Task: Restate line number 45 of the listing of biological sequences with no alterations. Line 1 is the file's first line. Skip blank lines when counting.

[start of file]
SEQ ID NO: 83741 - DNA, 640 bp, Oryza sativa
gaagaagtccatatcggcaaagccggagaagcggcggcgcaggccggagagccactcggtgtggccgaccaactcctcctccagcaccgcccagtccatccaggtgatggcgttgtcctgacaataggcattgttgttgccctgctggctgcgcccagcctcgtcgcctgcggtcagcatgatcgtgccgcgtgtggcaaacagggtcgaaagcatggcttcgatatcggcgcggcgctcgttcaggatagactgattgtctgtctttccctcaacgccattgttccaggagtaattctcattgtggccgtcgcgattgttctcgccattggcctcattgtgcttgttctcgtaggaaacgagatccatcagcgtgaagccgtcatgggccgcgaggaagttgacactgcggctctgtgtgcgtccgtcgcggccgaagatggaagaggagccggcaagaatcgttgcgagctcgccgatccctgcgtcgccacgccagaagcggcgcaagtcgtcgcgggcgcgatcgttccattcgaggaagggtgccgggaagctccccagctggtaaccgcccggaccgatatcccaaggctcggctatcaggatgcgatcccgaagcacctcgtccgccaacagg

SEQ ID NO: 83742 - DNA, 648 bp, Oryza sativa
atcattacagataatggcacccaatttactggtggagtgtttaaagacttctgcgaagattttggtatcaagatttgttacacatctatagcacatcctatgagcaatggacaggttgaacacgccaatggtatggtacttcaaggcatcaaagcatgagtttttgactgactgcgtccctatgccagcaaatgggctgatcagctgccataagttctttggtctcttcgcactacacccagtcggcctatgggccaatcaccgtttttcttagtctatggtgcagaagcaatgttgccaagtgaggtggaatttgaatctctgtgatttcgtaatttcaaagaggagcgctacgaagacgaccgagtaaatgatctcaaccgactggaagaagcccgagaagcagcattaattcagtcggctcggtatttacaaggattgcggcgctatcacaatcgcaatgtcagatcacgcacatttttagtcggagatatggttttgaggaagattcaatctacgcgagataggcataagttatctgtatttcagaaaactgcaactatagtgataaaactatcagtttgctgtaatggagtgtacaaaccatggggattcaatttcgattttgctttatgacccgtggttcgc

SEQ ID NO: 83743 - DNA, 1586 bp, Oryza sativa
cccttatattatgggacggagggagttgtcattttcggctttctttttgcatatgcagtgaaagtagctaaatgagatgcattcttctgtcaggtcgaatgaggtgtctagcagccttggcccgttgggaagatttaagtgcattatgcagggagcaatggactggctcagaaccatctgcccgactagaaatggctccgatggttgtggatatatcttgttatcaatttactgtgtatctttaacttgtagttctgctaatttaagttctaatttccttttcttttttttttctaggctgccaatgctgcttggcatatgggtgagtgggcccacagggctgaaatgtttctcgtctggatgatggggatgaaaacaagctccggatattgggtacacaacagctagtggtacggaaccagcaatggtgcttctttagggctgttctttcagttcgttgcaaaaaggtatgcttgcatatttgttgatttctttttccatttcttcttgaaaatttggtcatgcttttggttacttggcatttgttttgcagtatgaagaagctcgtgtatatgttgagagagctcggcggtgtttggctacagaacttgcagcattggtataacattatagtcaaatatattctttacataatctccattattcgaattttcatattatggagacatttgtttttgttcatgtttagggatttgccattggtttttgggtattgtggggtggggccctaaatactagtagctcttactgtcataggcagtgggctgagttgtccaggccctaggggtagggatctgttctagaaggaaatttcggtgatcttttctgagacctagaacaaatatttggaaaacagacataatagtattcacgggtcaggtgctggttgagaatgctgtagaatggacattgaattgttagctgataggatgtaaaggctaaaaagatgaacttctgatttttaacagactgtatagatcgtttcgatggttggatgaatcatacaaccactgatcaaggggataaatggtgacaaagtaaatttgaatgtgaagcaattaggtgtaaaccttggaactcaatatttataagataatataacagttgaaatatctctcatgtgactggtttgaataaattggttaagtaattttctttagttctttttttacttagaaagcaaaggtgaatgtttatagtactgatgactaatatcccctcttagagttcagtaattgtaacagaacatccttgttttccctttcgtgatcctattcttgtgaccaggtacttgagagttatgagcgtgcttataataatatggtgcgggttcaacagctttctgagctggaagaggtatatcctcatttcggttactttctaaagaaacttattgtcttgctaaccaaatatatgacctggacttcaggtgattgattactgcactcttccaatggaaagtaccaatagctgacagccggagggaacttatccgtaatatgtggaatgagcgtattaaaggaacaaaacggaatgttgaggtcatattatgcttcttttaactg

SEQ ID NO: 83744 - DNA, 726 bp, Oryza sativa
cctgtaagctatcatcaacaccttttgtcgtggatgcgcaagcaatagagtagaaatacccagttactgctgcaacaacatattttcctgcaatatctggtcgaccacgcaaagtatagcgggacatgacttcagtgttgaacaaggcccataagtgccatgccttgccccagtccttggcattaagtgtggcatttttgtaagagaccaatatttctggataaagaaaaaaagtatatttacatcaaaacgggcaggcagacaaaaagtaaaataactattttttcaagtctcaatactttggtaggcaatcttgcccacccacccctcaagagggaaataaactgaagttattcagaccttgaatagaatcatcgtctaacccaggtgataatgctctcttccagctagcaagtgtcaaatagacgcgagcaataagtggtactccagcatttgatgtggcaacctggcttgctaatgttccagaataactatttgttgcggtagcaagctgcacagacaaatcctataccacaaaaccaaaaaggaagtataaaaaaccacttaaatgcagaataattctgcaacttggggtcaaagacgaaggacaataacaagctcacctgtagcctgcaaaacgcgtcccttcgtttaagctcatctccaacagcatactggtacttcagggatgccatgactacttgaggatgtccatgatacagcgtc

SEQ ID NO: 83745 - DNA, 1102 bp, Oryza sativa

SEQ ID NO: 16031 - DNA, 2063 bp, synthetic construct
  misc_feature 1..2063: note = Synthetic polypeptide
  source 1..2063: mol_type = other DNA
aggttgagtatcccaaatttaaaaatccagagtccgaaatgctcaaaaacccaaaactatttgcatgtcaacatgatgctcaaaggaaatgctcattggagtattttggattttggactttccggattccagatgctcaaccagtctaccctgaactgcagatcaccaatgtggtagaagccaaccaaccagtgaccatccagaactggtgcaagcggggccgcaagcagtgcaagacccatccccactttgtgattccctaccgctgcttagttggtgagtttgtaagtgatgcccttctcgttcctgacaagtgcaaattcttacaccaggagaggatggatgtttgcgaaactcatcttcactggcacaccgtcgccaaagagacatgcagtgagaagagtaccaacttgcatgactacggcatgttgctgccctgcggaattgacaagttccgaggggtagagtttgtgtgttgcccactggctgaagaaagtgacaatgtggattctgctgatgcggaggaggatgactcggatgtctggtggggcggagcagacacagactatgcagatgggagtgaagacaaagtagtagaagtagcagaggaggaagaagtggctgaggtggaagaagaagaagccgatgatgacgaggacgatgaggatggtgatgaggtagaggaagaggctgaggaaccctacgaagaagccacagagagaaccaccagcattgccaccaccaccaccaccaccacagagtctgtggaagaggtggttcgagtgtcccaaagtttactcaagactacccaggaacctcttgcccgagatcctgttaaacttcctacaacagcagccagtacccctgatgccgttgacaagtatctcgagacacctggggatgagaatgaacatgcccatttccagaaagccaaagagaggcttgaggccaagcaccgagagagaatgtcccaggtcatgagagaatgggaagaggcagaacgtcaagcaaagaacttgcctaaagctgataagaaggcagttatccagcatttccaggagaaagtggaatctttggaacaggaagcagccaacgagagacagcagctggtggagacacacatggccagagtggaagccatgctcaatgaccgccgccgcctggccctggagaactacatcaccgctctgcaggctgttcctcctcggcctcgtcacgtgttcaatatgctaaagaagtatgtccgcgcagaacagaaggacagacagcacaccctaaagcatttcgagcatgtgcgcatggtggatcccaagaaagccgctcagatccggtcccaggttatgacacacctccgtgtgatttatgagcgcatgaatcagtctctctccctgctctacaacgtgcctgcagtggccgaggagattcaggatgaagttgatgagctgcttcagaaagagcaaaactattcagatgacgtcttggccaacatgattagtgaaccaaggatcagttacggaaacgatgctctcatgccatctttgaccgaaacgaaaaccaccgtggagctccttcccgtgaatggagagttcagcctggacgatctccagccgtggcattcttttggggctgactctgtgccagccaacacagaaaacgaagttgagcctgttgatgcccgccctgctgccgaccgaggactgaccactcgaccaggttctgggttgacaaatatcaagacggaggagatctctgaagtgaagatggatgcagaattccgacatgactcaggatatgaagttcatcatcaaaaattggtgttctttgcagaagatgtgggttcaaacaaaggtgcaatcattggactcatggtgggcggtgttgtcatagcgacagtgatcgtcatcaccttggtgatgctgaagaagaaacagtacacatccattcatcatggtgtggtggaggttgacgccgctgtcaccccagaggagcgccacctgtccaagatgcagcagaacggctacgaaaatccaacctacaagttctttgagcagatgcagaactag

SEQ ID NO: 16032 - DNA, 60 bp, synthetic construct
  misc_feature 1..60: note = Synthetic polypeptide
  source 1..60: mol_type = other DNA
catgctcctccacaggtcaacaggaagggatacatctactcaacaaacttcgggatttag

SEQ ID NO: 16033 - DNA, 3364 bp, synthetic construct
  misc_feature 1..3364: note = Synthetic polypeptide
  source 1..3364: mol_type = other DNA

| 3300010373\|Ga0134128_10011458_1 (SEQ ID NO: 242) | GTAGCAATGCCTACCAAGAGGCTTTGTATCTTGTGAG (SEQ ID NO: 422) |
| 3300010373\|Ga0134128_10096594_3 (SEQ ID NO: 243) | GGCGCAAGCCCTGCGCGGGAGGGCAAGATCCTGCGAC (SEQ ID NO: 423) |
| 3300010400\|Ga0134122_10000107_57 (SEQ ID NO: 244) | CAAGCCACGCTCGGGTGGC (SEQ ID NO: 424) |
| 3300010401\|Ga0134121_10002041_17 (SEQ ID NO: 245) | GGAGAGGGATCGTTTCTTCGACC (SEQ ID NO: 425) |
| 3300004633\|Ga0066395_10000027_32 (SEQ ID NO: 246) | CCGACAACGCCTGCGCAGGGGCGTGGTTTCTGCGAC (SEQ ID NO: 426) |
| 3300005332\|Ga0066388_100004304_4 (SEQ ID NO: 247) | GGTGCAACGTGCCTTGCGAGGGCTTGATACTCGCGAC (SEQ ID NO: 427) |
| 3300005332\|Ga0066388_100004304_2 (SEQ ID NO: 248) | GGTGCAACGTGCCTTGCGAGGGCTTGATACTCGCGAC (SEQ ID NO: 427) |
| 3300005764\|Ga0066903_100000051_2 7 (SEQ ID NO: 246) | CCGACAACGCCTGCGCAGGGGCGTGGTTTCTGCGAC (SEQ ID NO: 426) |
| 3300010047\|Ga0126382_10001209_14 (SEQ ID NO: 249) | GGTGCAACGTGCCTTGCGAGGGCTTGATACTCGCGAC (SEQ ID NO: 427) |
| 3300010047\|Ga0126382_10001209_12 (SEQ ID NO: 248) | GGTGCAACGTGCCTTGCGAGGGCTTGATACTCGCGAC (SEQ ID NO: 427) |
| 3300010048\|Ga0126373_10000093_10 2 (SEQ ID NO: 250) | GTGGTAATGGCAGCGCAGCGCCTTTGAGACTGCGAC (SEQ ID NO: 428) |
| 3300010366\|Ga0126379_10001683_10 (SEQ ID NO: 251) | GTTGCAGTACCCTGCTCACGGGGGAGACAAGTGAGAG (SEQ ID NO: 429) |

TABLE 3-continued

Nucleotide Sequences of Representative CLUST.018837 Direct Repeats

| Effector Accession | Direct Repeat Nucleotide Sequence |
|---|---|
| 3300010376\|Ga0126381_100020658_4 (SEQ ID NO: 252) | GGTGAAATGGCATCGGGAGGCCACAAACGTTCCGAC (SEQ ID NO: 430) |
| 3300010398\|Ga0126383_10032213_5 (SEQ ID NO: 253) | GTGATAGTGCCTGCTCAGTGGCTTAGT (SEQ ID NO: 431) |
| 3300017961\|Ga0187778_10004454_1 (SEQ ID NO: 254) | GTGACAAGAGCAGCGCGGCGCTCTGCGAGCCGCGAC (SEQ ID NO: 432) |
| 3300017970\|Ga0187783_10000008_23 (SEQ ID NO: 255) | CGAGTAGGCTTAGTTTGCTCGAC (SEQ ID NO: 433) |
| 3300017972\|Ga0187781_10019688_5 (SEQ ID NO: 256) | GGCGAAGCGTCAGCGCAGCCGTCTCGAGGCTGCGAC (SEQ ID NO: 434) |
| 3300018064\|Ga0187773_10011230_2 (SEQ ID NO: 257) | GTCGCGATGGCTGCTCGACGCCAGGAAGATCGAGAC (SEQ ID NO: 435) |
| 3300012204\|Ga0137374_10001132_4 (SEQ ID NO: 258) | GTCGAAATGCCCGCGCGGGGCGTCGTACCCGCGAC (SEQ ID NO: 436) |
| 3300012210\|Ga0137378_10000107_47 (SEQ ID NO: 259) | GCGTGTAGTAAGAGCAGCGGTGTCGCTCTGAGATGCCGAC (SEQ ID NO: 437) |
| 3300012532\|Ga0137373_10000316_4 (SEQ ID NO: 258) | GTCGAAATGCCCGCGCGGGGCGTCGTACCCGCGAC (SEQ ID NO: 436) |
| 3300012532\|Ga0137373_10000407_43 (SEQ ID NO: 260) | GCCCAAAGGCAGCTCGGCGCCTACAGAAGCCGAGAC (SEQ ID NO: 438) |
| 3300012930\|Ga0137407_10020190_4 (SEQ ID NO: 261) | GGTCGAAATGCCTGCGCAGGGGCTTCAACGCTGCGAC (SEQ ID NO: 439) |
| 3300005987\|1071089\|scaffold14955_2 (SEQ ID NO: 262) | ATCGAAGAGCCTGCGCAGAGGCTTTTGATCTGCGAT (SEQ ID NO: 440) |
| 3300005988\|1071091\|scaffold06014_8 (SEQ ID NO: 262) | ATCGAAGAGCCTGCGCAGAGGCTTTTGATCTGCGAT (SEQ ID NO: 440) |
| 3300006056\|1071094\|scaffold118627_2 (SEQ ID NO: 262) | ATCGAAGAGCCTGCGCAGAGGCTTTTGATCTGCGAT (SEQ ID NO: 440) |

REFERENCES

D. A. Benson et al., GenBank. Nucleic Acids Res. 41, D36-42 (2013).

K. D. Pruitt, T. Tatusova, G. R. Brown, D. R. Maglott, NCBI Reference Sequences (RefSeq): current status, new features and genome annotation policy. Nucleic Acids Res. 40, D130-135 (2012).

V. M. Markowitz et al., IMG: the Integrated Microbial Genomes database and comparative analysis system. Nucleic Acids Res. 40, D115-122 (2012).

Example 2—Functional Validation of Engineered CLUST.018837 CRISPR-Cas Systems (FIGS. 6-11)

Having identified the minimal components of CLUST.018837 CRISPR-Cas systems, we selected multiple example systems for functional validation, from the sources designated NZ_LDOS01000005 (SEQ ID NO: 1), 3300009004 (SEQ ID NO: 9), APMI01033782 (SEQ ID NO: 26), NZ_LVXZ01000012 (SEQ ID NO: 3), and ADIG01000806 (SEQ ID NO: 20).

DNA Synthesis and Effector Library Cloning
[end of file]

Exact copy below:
| 3300012532\|Ga0137373_10000316_4 (SEQ ID NO: 258) | GTCGAAATGCCCGCGCGGGGCGTCGTACCCGCGAC (SEQ ID NO: 436) |